GDHV

GDHV: Do you have to comply with Government’s notional building types?

  • 1 Jul 2021

HVAC strategies are set to substantially shift next year, as Part L 2021 moves compliance towards the electrification of heat. With Government putting forward their idea of what new homes and buildings may look like, GDHV review how much flexibility you have to create your own design.

Glen Dimplex

What is a notional building?

A notional building is a theoretical design of a compliant building. Its intention is to be an aid to designers, showing how compliance might be achievable. As an aid, it is only providing an applied example and does not mandate certain technologies.

So long as a development meets the required performance targets and minimum standards within Part L and other Approved Documents, the strategy used to achieve this can be specified by the building designer and need not mirror those used in the notional building.

This grants designers and specifiers greater flexibility to ensure the project uses the best technologies for each individual project. It also stops industry being locked into a single option.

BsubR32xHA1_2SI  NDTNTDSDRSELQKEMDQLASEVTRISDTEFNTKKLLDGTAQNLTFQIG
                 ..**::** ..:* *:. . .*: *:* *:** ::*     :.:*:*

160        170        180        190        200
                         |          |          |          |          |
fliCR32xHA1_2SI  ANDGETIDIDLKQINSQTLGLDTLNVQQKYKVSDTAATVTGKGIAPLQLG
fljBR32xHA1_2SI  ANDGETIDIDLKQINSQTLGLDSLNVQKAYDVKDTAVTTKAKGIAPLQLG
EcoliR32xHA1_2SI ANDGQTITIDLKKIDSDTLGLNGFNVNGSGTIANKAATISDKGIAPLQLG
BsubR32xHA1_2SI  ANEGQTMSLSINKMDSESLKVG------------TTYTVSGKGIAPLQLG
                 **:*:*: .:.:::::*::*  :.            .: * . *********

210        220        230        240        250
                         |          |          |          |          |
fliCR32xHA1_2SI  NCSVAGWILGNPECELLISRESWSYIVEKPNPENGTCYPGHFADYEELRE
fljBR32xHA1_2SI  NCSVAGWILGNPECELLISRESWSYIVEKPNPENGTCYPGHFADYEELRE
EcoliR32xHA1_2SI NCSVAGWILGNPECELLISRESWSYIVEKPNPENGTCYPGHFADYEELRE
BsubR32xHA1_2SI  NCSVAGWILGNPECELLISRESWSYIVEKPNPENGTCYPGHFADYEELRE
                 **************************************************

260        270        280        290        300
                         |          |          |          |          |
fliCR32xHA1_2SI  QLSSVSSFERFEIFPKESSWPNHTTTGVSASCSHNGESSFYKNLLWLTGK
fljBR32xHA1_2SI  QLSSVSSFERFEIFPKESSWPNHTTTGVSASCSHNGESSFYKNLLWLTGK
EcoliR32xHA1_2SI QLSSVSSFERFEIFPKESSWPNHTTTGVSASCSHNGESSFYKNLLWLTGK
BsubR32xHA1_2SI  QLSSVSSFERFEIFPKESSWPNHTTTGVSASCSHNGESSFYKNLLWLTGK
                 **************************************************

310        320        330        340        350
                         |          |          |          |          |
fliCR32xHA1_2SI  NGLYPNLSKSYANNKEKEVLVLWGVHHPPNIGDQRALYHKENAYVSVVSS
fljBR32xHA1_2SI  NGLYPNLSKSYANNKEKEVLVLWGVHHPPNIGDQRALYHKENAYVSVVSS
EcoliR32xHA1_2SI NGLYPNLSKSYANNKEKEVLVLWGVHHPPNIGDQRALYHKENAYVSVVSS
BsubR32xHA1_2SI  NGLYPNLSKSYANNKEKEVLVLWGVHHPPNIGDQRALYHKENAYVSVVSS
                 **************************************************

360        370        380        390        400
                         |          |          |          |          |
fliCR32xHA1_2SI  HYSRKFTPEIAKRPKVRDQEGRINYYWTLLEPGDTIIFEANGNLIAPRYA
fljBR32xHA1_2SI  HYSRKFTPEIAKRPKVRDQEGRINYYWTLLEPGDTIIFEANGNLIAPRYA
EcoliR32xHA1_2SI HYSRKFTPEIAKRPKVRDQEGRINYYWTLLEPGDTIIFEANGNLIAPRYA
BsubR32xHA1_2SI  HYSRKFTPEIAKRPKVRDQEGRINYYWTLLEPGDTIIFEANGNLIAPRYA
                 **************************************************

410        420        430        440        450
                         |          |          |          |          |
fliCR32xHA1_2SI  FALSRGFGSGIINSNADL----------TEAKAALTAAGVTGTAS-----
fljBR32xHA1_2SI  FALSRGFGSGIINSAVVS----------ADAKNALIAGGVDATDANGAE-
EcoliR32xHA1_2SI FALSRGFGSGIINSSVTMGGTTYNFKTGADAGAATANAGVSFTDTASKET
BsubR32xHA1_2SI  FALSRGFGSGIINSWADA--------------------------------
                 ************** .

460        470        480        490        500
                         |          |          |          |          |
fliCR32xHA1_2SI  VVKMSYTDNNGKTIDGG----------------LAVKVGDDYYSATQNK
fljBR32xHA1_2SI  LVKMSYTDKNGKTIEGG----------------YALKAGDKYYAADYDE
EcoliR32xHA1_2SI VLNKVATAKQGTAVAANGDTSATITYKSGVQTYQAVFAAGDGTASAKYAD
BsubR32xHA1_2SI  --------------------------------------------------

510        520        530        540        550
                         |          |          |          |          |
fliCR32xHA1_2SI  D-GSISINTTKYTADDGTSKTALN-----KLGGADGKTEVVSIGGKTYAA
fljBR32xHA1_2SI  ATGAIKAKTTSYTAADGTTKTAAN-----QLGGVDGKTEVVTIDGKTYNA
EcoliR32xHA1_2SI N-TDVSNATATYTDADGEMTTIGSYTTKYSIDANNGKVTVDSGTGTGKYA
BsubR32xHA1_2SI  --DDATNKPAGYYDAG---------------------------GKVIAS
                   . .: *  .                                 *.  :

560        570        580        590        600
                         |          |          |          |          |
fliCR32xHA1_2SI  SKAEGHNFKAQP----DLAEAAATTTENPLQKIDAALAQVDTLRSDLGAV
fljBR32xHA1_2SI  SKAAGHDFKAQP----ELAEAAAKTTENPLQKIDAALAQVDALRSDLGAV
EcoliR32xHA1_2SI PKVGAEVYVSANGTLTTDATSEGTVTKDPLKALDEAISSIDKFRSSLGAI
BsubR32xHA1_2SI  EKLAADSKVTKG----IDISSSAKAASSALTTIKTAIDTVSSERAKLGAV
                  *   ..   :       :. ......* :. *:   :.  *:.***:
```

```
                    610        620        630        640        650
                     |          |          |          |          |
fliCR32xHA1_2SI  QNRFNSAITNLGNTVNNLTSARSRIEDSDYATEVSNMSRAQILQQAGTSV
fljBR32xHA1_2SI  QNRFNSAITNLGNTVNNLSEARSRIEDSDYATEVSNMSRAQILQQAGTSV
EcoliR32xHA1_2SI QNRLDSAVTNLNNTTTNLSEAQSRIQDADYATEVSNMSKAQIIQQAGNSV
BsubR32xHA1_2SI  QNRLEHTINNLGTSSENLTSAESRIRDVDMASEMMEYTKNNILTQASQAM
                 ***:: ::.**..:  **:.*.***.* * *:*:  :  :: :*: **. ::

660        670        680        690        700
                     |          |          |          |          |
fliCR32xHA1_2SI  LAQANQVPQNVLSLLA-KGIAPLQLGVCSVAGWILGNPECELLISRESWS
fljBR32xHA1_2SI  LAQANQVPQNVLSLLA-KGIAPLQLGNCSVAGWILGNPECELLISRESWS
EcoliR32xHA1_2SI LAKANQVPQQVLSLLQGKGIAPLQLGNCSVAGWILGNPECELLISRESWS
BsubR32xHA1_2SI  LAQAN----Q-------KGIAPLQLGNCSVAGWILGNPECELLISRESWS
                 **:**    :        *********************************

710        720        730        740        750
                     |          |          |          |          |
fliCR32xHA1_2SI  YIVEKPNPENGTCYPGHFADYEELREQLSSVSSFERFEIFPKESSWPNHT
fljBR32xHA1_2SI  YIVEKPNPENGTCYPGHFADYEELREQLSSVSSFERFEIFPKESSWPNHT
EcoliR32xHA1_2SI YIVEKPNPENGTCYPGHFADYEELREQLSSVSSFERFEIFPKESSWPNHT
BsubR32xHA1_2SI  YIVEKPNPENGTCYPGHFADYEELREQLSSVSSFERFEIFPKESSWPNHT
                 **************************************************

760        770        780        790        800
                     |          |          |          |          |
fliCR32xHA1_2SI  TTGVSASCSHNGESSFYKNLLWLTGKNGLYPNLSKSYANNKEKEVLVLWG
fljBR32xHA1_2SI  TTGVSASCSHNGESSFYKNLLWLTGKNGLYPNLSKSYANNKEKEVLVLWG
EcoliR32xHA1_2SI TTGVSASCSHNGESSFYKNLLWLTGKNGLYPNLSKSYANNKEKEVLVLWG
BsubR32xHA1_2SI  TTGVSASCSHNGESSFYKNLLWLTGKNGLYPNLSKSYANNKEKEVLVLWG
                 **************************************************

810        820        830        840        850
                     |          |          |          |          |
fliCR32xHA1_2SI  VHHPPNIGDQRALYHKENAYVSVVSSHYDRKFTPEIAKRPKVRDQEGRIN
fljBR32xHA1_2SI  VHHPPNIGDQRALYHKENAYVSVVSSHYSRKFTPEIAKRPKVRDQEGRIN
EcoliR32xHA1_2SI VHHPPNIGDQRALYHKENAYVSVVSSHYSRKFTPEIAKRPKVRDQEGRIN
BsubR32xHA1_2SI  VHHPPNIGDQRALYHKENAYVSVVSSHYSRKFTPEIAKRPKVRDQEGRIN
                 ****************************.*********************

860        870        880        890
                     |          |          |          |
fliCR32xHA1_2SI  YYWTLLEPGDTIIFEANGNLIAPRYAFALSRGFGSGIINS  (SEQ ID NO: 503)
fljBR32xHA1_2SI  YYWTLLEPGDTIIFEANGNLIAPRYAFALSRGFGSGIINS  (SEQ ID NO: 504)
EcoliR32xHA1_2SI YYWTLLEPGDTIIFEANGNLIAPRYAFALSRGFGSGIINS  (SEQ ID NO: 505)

Complying with Part L 2021

In 2019, Government launched the consultation for the Future Homes Standard. This included the proposed 2021 updates to Part L of the Building Regulations for new residential developments.

This is expected to become legally enforceable June 2022, with future targets set for a further change in compliance in 2025.

As a HVAC manufacture, GDHV has now helped countless developers, housebuilders and consultants understand what these changes mean and the solutions available to them to create a compliant building in the future.

Multiple solution offerings have been modelled to help you benefit from electrification, whilst retaining choice. Whether you’re looking to employ heat pump technology or direct acting panel heaters, GDHV can provide options

Download the company’s guide or request a CPD to find out more about the Future Homes Standard. You’ll also find out how the Building Regulations such as Part L are changing for residential dwellings.

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